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Jae Taek Kim  (Kim JT) 3 Articles
Mitochondrial Dysfunction in Diabetic Cardiomyopathy.
Ji Hyun Ahn, Jae Taek Kim
Korean Diabetes J. 2008;32(6):467-473.   Published online December 1, 2008
DOI: https://doi.org/10.4093/kdj.2008.32.6.467
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AbstractAbstract PDF
Metabolic syndrome and diabetes are associated with increased risk of cardiac dysfunction independently of underlying coronary artery disease. The underlying pathogenesis is partially understood but accumulating evidence suggests that alterations of cardiac energy metabolism might contribute to the development of contractile dysfunction. Recent findings suggest that myocardial mitochondrial dysfunction may play an important role in the pathogenesis of cardiac contractile dysfunction in type 2 diabetes. This review is focused on evaluating mechanisms for the mitochondrial abnormalities that may be involved in the development and progression of cardiac dysfunction in diabetes.
Relationship between Serum Homocysteine Levels and Vascular Complications in Type 2 Diabetic Patients.
Seung Jin Choi, Jae Taek Kim, Yeon Sahng Oh, Soon Hyun Shinn
Korean Diabetes J. 2002;26(2):112-125.   Published online April 1, 2002
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AbstractAbstract PDF
BACKGROUND
Chronic complications in type 2 diabetic patients have microvascular and macrovascular components. Previous studies have shown that incidence of macrovascular complications correlates with the serum homocysteine levels, but the relationship is unclear. In addition, the connection between the microvascular complications and the serum homocysteine levels is still obscure and controversial. In this study, the relationship between the serum homocysteine levels and microvascular and macrovascular complications were evaluated in type 2 diabetic patients. METHODS: In 58 type 2 diabetic patients, the serum homocysteine levels, folic acid levels, Vit B12 levels, PAI-1 levels, the standard risk factors for macrovascular complications, the fasting serum glucose levels, the HbA1C levels, and the fasting insulin and C-peptide concentrations, the renal function tests, and the carotid intima-media thickness were measured and the relationship between them and the serum homocysteine level was analyzed according to the presence and absence of macrovascular and microvascular complications. RESULTS: 1) In type 2 diabetic patients, the mean serum homocysteine level was 9.9+/-.2 mol/L. The serum homocysteine level showed no relationship with the clinical and biochemical variables including the risk factors for atherosclerosis except the serum creatinine and creatinine clearance. 2) The maximum, minimum, and mean of the intima- media thickness of right carotid artery were 4.00+/-.20, 0.50+/-.04, 1.04+/-.62 mm, of left carotid artery were 3.54+/-.00, 0.31+/-.02, 1.03+/-.55 mm, and means were 3.77+/-.10, 0.44+/-.03, 1.03+/-.54 mm, and correlated with the serum homocysteine leve l (p=0.03), but only the serum LDL cholesterol level independently correlated with the intima-media thickness (p=0.04). 3) The serum homocysteine level (p=0.01) and intima-media thickness (p<0.01) was significantly higher in type 2 diabetic patients with macrovascular complications than without it. 4) The serum homocysteine level did not correlate with the incidence microvascular complications, but the intima-media thickness did correlate with diabetic nephropathy (p=0.03). CONCLUSIONS: The serum homocysteine level did not correlated with the incidence of diabetic microvascular complications. However, there was a small correlation with the risk factors of macrovascular complications. The intima- media thickness correlated with the incidence of macrovascular complications, and the relationship with diabetic nephropathy requires further study.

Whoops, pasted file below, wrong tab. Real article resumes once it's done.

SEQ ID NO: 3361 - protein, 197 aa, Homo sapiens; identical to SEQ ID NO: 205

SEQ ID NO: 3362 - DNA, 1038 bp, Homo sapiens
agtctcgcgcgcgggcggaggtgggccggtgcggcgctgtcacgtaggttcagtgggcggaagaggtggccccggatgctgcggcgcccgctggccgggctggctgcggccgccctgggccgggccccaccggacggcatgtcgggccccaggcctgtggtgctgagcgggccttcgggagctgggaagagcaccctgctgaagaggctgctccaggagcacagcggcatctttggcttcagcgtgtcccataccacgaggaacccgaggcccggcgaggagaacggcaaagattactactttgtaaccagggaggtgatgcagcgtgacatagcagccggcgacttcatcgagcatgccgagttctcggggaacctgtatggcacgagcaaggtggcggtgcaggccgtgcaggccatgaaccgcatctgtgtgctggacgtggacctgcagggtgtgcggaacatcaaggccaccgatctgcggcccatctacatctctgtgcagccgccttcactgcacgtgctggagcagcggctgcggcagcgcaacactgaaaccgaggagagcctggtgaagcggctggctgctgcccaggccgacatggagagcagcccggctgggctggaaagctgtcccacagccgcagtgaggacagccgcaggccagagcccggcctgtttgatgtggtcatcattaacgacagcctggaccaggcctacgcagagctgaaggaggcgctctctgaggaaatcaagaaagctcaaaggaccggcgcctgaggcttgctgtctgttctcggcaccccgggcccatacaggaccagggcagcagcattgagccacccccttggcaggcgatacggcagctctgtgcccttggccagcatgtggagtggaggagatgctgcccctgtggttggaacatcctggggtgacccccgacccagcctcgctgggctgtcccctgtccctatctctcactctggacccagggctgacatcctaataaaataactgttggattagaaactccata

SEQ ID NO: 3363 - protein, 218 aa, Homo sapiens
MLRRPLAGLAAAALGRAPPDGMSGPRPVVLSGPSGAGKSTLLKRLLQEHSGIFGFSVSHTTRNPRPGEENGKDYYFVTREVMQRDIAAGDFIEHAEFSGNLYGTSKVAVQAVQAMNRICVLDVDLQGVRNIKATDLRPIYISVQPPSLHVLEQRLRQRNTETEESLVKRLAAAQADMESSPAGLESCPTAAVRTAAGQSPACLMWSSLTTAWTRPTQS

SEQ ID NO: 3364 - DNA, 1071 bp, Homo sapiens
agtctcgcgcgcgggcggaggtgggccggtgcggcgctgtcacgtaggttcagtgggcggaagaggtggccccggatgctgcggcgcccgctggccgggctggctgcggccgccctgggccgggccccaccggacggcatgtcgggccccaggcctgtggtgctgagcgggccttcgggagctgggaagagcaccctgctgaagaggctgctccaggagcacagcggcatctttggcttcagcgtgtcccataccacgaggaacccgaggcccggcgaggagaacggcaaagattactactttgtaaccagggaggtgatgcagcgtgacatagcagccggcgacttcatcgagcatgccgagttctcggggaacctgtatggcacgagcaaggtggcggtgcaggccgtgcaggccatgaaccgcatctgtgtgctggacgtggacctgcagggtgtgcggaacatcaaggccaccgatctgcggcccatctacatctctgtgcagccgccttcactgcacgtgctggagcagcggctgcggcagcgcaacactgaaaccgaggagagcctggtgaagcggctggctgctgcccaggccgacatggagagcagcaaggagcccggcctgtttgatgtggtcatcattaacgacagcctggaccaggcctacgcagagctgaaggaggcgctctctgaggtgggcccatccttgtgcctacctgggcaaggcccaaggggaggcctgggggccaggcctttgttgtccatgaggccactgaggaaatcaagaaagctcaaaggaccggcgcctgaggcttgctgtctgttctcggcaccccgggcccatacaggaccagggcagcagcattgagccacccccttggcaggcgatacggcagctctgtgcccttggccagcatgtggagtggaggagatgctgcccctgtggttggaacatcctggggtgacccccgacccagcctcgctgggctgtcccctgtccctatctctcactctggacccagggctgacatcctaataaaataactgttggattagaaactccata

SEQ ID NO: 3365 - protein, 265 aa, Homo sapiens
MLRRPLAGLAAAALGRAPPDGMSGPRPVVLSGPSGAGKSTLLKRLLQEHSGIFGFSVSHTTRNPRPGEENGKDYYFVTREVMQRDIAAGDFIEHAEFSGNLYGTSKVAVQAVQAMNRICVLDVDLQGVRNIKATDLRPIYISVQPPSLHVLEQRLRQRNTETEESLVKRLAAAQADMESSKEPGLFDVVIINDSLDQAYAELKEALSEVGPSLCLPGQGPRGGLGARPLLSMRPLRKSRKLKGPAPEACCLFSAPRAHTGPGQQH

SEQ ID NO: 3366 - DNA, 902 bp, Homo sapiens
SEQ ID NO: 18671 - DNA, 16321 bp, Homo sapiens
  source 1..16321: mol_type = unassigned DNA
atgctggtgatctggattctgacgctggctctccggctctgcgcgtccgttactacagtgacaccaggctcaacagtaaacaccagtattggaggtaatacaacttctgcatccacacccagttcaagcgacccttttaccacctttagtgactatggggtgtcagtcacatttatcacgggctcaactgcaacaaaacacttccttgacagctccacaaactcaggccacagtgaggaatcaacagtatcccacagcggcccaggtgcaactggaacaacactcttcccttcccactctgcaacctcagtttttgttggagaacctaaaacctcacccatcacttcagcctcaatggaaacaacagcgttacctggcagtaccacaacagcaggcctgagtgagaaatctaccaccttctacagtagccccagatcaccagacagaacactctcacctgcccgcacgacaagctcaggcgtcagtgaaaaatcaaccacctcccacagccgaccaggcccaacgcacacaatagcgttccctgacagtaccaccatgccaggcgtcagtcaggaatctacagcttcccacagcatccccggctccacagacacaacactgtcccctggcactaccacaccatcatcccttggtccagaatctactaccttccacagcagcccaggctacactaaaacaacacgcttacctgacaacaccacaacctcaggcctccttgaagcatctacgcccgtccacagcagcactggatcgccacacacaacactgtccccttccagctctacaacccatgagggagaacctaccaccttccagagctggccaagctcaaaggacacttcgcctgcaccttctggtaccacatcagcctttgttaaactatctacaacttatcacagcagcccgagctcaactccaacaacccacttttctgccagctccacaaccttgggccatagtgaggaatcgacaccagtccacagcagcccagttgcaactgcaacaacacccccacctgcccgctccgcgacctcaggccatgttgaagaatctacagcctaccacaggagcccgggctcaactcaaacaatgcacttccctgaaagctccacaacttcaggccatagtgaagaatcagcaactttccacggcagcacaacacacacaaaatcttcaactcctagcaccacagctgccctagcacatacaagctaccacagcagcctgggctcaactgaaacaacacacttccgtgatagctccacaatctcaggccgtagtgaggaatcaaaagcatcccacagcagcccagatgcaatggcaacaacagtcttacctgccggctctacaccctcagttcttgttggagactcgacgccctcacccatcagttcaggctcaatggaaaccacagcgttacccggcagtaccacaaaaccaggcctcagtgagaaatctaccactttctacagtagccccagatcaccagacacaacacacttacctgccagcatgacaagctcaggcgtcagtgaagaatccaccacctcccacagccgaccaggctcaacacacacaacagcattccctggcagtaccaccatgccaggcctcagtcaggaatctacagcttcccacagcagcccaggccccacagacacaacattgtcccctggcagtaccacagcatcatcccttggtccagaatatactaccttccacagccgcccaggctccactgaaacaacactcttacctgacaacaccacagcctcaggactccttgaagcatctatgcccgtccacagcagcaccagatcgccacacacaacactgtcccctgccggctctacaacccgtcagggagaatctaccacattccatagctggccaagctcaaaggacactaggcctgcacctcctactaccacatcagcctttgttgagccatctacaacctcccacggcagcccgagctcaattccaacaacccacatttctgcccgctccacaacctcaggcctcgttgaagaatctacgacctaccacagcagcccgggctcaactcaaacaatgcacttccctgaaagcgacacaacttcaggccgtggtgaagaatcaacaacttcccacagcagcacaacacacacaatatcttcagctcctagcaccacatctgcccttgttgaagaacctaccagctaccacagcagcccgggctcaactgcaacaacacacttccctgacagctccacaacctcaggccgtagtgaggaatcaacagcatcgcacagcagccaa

Interleukin-6 polymorphism in Korean Obese and Type 2 Diabetic Subjects.
Jae Taek Kim, Seung Jin Choi, Mi Kyung Lee, Ae Ja Park, Yeon Sahng Oh, Soon Hyun Shin
Korean Diabetes J. 2001;25(5):337-342.   Published online October 1, 2001
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AbstractAbstract PDF
BACKGROUND
Interleukin (IL)-6 is produced by many different cell types, including adipose tissue, and the release is greater in obese subjects. Recently, it has been reported that polymorphism in the 5' flanking region of the IL-6 gene may contribute to the insulin resistance and lipid abnormality. However, there are limited number of studies reported on the relationship between IL-6 polymorphism and insulin resistance syndrome. Therefore, the aim of this study was to examine the relationships among this polymorphism, obesity and diabetes in Korean subjects. METHODS: We examined a total of 177 Korean individuals, including 113 type 2 diabetic subjects. Sixty-three subjects were non-obese diabetics (age; 56.4+/-9.8 yr, body mass index (BMI); 22.5+/-1.7 kg/m2), 50 of them were obese diabetic subjects (age; 54.8+/-10.7 yr, BMI; 27.6+/-2.2 kg/m2), and 64 were overweight or obese subjects (age; 49.1+/-11.4 yr, BMI; 25.4 1.5 kg/m2). We evaluated IL-6 gene polymorphism using PCR-restriction fragment length polymorphism. RESULTS: There were 176 GG (99.4%), 1 GC (0.56%) and 0 CC (0%) individuals, and the allele frequencies were 99.7% for G and 0.28% for C. Allele frequencies of C in obese diabetic subjects were 1.02%. The frequency of C allele was substantially lower than that reported in Caucasian. CONCLUSION: This results suggest that the IL-6 polymorphism is not associated with obesity nor diabetes in Korean subjects.

Diabetes Metab J : Diabetes & Metabolism Journal